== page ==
|300m+ Buildings||3 Completed • 1 Under Constr.|
|Tallest Building||Magnolias Waterfront Residences Tower 1 (315 m)|
|Global Ranking||#11 in the world by no. of 150m+ completed buildings|
|Regional Ranking||#8 in Asia by no. of 150m+ completed buildings|
|Country Ranking||#1 in Thailand by no. of 150m+ completed buildings|
As you can see from the above and below this city is bursting with skyscrappers – residential, hotels, office and commercial all claiming their share of the fresh air, high above the streets.
|1||One Bangkok O4H4||2025||436 m|
|2||Magnolias Waterfront Residences Tower 1||2018||315 m|
|3||King Power MahaNakhon||2016||314 m|
|4||Baiyoke Tower II||1997||304 m|
|5||Four Seasons Private Residences||2019||300 m|
|6||One Bangkok Phase 3 Tower 2||2024||285 m|
|7||One Bangkok Phase 2 Residential Tower||2023||278 m|
|8||One Bangkok Phase 1 Office Tower 1||2022||274 m|
|9||Mandarin Oriental Residences Bangkok||2019||269 m|
|10||One Bangkok Phase 2 Office Tower||2023||264 m|
The following images are taken from the city’s second tallest building, but built with the country’s highest observation deck – King Power MahaNakhon.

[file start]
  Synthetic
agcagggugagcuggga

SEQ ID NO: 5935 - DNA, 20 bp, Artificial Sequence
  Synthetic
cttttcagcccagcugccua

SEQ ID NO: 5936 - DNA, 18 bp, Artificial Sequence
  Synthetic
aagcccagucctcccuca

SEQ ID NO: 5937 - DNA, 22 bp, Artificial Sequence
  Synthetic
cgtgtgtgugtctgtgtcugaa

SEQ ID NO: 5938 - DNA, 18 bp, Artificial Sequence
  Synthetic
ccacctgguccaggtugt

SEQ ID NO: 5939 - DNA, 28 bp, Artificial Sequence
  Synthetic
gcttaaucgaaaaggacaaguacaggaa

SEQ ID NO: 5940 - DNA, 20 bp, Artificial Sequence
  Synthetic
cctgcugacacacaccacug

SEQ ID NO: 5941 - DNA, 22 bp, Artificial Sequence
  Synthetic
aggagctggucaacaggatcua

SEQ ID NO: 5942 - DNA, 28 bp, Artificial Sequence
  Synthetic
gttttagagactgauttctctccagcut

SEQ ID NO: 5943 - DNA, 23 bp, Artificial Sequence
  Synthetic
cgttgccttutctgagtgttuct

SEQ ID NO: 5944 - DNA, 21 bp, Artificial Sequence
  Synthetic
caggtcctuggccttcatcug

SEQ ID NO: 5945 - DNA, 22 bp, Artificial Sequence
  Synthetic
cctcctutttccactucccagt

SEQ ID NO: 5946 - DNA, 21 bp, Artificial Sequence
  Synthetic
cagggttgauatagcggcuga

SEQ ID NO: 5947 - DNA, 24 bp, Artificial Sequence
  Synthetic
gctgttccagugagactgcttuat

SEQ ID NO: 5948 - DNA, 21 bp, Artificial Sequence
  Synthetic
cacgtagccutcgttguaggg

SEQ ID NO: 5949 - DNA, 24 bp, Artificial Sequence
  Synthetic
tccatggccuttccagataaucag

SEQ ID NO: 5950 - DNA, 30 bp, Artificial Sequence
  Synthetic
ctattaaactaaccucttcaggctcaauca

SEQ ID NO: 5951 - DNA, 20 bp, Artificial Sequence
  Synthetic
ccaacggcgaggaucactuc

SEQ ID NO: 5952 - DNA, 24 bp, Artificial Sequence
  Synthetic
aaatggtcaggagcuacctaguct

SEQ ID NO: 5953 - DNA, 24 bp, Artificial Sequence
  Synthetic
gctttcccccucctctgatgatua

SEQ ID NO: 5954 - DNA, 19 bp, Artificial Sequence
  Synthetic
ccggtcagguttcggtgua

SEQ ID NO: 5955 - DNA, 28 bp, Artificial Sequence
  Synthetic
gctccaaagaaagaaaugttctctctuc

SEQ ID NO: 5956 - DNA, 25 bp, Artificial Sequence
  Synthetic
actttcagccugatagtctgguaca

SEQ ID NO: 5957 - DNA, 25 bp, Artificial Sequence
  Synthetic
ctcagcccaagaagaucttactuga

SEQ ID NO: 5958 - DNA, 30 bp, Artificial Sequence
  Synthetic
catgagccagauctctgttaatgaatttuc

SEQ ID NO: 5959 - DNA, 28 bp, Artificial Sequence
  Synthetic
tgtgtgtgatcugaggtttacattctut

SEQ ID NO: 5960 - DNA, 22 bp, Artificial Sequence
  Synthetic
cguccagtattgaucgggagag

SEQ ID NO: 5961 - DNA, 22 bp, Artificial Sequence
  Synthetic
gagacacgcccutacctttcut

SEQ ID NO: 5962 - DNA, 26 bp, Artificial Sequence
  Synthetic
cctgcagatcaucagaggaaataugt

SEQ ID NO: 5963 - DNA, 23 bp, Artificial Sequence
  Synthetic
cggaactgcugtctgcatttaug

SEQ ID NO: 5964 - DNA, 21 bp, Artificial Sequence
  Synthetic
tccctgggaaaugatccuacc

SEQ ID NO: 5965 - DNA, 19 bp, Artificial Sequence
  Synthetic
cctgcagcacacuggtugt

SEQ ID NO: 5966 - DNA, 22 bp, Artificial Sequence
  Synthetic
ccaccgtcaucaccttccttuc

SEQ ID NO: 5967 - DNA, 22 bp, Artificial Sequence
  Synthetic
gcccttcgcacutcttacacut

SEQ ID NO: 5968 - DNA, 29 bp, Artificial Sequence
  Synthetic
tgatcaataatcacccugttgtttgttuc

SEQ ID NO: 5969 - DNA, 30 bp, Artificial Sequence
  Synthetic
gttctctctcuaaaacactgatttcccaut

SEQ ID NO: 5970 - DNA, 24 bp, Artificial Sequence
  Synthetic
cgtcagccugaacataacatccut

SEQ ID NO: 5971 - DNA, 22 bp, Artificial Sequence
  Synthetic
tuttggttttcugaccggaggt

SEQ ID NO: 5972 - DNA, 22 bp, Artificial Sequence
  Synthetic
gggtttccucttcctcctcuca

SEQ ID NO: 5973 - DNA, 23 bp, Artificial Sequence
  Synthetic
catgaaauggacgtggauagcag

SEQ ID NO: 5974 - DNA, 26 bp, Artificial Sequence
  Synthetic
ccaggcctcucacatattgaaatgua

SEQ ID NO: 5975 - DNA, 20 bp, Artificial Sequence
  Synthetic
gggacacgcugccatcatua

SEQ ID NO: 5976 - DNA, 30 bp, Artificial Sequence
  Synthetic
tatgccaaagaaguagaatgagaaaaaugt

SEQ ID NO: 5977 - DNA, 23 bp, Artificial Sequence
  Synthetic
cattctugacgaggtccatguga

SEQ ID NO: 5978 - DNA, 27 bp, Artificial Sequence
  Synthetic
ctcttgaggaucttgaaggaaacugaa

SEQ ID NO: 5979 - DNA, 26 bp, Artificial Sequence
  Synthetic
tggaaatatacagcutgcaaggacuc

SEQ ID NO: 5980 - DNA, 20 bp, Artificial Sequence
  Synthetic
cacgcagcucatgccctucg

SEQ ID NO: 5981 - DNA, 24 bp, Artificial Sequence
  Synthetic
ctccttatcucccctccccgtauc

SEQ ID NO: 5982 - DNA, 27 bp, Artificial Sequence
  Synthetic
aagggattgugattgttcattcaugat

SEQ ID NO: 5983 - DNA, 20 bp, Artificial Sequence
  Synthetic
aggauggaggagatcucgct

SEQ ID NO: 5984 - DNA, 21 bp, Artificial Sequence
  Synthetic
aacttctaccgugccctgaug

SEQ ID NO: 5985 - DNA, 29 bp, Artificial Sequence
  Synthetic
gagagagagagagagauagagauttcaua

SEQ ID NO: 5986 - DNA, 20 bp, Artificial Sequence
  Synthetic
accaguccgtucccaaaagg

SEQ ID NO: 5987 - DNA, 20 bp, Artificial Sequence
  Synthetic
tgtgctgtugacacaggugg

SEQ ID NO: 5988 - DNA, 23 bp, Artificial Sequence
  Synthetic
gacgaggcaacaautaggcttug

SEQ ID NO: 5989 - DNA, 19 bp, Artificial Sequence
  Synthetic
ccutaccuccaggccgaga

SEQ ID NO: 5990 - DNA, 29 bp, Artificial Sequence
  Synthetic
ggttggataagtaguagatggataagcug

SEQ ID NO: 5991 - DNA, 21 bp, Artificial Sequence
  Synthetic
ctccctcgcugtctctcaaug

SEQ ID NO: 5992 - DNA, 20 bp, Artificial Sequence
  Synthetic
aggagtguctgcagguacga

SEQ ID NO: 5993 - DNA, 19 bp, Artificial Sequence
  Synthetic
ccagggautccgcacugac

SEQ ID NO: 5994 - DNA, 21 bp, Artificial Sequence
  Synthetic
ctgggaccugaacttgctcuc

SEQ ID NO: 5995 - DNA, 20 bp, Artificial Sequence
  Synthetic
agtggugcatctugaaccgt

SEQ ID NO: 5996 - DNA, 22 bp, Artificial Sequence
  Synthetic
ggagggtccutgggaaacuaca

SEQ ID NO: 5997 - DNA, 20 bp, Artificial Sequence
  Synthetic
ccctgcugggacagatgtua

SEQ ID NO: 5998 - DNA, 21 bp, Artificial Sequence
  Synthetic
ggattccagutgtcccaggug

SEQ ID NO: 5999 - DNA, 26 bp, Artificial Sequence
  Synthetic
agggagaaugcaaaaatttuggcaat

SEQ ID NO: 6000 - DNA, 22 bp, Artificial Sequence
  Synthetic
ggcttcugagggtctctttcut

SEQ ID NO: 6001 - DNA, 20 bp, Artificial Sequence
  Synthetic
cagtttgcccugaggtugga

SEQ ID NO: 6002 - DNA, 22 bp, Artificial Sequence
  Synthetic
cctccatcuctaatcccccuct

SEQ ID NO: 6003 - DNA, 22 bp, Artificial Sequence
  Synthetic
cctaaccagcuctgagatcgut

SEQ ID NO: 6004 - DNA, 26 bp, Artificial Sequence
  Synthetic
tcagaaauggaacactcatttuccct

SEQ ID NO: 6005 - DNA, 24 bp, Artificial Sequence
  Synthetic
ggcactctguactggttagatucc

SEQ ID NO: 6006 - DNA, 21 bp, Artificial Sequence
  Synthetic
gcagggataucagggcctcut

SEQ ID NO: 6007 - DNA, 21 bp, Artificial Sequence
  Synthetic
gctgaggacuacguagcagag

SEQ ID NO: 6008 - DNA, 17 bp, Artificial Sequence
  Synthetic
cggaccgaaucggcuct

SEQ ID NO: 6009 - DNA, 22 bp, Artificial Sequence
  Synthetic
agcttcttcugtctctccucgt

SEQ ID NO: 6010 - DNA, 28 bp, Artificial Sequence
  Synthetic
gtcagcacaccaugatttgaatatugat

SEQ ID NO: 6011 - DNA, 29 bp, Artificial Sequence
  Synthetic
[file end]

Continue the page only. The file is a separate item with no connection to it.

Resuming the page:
The glass walking deck is a special treat for those that love heights and is well worth the price of the ticket to get up to the observation level. In addition check out the 3 floor hydraulic elevator with curved glass doors – quite impressive and running well.
Heading into Pattaya – the playground for many …
I’m a “progress centric” type of guy, meaning I really enjoy seeing development, whether it’s in people, projects or even cities. And I was very pleasantly greeted with an immediate feeling of progress as we drove into the coastal holiday destination.
The number of high rise was the first thing which leapt out, closely followed by the extent to which the city has been transformed since my last visit many years earlier.
Although like many Asian cities it’s a combination between the new and old, modern and archaic. I’ve grown used to this seeing this balance, it’s somehow the fabric which enables the locals to survive with-in the dynamics of a world changing all around them.
Pattaya is a resort city filled with a healthy mix of tourism and local business, both feeding off each other. For those like my wife and I, it was a great location for kicking back and enjoying the water, the dinning and the sights.